Fiction with an edge

Saturday, 15 December 2012


For those of you who may have missed it last time THE MESSENGER is available on FREE DOWNLOAD on Kindle today (15th), Sunday, Monday and Tuesday.  A 500 page explosive mixture  of Enemy of the State and Sixth Sense.  You can read the first six chapters and the story behind the story on my blog pages (see right).  

The Messenger is a full on thriller with a mysterious twist. And while military novels are not my usual fare, I got on board with Jack Chandler when he entered the Land of Souls. John E. White skilfully weaves the two worlds together in the way Stephen King does, but without the fantasy tag. Amid tense Harrison Ford style action is the deeper `what does happen to war dead?' Tight, thought-provoking and a great read. You won't think the same about war again.

A thrilling read
A great read with a great message skilfully handled. The suggestion of a sixth sense but leaving the reader to interpret that in their own way made it intriguing for me.

John's novel has all the ingredients one would expect in an adventure story - a well researched and developed plot, believable characters in reader friendly and accessible prose. It's also pacey containing exciting action scenes within a contemporary and highly relevant political and historical setting.

This is not all however, in a layered narrative, The Messenger fuses the genres of thriller, adventure and the supernatural to excellent effect. This novel is a thoughtful critique of politics, economics and war.
By jaycole
'The Messenger' works on more than one level. As an exciting story with believable characters it carries you along in the way you expect from writers like Lee Child and Matt Hilton. And the military scenes, while not full-on Andy McNab, are pumping with action and well-researched authenticity. But it's the third dimension that makes this book stand out. Lots of people (probably lots of soldiers) who have had near-death experiences will be intrigued by Jack Chandler's visions and doubts. PTSD, paranoia, brain-washing? Or something else? Read it and make up your own mind.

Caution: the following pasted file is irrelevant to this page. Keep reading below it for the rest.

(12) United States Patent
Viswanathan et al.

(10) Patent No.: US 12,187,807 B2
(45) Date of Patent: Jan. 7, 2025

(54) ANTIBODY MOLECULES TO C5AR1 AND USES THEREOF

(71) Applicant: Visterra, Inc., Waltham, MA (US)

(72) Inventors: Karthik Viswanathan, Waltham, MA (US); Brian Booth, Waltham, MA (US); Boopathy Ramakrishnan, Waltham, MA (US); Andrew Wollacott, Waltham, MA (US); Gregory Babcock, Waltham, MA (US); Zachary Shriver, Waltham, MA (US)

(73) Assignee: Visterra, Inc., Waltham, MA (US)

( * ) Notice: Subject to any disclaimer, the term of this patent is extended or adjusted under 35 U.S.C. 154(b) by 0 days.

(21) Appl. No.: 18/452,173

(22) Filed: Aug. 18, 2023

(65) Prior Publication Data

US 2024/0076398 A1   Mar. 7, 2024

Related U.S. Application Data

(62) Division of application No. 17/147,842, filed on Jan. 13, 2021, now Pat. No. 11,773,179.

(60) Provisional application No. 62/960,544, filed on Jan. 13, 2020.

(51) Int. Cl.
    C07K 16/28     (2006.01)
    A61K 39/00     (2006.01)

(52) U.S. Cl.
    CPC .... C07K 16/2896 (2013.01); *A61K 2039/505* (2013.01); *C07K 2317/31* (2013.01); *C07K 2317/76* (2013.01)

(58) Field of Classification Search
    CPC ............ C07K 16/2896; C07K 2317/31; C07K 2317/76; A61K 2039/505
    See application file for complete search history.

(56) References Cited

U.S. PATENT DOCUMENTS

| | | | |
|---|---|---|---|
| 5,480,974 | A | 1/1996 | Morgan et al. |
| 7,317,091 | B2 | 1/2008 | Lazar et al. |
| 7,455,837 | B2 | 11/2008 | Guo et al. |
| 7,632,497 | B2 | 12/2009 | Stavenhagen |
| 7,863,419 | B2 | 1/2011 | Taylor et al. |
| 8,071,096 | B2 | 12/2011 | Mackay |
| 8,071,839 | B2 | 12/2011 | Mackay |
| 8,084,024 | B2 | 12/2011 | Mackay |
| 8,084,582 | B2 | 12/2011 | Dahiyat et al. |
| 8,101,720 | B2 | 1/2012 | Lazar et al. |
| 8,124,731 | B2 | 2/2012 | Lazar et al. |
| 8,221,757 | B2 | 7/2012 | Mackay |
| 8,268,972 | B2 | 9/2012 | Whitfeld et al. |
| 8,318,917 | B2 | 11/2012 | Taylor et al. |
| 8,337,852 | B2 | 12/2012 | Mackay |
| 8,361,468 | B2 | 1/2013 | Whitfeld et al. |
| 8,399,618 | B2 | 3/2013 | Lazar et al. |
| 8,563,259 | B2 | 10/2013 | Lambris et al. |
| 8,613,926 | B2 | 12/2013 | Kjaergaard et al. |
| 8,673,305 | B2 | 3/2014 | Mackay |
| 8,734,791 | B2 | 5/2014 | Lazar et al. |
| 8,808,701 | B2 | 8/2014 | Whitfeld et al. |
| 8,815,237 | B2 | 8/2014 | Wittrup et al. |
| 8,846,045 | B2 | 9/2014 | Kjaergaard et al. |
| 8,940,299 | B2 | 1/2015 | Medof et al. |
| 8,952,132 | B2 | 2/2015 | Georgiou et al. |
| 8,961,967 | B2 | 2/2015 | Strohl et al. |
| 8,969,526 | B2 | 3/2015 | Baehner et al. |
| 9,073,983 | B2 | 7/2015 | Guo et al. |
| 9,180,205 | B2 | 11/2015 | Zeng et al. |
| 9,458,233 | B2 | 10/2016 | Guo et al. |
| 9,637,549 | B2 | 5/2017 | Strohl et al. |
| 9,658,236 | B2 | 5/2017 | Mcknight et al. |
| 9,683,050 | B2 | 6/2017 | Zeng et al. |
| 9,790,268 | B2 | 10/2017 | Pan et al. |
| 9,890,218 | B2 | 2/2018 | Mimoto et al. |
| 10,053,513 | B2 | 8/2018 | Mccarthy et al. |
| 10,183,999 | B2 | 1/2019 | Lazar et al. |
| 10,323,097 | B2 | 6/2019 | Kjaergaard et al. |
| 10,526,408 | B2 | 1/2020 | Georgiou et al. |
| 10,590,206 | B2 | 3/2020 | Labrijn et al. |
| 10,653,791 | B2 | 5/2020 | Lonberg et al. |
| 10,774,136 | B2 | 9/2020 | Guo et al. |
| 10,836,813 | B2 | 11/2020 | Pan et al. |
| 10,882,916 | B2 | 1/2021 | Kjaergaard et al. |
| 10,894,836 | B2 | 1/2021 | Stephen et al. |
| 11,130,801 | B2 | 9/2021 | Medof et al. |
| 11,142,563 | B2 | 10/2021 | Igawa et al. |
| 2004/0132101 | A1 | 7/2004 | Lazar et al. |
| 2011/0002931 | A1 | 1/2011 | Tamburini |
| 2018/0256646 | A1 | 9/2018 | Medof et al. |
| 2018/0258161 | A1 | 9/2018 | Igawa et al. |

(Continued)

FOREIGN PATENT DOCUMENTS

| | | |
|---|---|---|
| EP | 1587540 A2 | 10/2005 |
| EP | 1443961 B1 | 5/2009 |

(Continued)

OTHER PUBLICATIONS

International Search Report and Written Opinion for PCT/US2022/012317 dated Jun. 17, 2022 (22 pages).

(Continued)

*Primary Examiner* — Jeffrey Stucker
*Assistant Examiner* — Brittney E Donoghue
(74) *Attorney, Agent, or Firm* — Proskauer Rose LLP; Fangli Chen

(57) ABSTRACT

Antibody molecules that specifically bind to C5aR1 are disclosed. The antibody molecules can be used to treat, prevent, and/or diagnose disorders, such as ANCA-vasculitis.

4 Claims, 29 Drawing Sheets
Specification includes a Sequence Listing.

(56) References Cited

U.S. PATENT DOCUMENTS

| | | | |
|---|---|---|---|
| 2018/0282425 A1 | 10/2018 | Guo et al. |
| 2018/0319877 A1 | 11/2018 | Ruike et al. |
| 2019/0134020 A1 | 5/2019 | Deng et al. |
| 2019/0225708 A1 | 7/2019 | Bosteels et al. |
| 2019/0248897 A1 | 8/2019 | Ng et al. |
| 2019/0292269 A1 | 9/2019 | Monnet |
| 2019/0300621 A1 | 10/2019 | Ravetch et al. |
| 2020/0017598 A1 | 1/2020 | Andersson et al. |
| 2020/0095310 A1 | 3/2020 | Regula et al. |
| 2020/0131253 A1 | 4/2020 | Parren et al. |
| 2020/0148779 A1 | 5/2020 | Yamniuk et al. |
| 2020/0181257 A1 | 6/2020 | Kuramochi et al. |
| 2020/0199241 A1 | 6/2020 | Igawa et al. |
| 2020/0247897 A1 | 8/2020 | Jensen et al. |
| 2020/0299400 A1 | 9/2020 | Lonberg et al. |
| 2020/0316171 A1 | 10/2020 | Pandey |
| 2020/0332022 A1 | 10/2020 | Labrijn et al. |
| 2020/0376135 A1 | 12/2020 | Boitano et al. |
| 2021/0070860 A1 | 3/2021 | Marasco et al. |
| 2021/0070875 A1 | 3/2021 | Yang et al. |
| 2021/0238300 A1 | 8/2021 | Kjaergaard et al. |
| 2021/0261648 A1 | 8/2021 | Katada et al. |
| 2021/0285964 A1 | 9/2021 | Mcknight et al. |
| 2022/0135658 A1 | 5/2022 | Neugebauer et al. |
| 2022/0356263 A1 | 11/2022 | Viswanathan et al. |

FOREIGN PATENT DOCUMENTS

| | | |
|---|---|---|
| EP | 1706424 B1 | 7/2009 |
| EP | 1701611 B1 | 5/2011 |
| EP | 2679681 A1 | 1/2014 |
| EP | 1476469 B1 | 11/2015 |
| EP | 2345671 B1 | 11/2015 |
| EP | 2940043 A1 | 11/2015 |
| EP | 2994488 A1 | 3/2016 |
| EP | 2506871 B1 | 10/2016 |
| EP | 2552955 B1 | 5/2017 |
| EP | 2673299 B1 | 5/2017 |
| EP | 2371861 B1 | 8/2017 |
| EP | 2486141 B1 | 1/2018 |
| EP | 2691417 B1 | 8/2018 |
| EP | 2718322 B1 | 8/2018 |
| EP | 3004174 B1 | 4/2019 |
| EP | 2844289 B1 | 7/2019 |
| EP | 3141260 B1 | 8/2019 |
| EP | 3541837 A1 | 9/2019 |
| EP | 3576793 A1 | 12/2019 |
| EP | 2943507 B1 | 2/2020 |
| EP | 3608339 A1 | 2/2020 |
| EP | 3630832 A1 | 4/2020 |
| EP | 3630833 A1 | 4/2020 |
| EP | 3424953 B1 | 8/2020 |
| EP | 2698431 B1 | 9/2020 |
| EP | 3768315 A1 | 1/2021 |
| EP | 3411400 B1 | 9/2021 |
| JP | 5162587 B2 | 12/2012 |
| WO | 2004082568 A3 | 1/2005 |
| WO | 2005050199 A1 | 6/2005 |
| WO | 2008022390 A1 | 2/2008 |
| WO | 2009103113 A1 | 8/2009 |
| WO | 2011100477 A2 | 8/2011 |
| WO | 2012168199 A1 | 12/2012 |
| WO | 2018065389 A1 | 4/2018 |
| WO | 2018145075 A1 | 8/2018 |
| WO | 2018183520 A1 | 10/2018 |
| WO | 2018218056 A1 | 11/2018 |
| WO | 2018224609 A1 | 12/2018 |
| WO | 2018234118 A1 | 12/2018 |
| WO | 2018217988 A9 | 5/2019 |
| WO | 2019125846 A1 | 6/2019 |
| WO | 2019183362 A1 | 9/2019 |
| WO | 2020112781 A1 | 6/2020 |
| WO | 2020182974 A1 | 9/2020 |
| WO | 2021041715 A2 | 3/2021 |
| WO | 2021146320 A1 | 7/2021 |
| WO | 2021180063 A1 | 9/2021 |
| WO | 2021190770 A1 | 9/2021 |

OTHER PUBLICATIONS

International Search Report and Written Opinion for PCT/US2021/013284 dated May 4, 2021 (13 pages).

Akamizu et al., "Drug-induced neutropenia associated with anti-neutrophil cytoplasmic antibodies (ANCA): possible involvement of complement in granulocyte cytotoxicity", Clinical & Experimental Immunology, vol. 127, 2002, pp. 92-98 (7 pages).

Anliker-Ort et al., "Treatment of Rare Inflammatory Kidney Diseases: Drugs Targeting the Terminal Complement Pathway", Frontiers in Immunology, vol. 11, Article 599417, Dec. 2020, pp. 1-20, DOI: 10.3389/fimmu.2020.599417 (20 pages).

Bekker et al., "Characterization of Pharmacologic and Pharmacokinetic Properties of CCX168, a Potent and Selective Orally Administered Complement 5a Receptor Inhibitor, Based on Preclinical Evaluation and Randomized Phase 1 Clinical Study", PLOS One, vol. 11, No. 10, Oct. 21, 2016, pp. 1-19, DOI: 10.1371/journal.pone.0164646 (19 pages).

Tuesday, 4 December 2012

Victory ... winning small battles leads to winning wars.

So, it looks like the public have spoken and Starbucks are going to start paying the tax they had tried so hard to avoid. Whether these payments will be of the order that will put the company back on a good PR footing with the general public remains to be seen. Interestingly, it was not just Starbucks who were playing the avoidance game. Amazon and Google ) have also been enjoying the fruits of their tax accountants hard work.  The point here is that, if the public vote with their feet, they can achieve anything. Now - how long will it be before the hard pressed citizens rise up and tell Government it must deal with the Starbucks, Amazons and Googles of this world before it hits the easiest and softest of all tax targets - the average man and woman - who have no choice but to pay tax and who, because Starbucks, Amazon and Google do not pay their moral fair share are being sunk by debt. Remember folks, if the boys and girls at the top paid their whack then the people at the bottom wouldn't be taxed to the degree they are. 

As an illustration of a girl at the top who takes her moral contribution seriously - I give you probably the most famous of writers, after Shakespeare - J K Rowling ( )  and from the article concerned I note the following:  

It is with this as a backdrop that it's worth recalling why the richest woman in the UK, Harry Potter author J.K. Rowling, says she remains a citizen of Great Britain even though she's now a billionaire.
The bottom line?
Rowling loves her country, and she wants her kids to grow up there. And, as someone who once depended on the safety net designed to help those going through hard times, she feels a debt to her society.
I chose to remain a domiciled taxpayer for a couple of reasons. The main one was that I wanted my children to grow up where I grew up, to have proper roots in a culture as old and magnificent as Britain’s; to be citizens, with everything that implies, of a real country, not free-floating ex-pats, living in the limbo of some tax haven and associating only with the children of similarly greedy tax exiles.
A second reason, however, was that I am indebted to the British welfare state; the very one that Mr Cameron would like to replace with charity handouts. When my life hit rock bottom, that safety net, threadbare though it had become under John Major’s Government, was there to break the fall. I cannot help feeling, therefore, that it would have been contemptible to scarper for the West Indies at the first sniff of a seven-figure royalty cheque. This, if you like, is my notion of patriotism. On the available evidence, I suspect that it is Lord Ashcroft’s idea of being a mug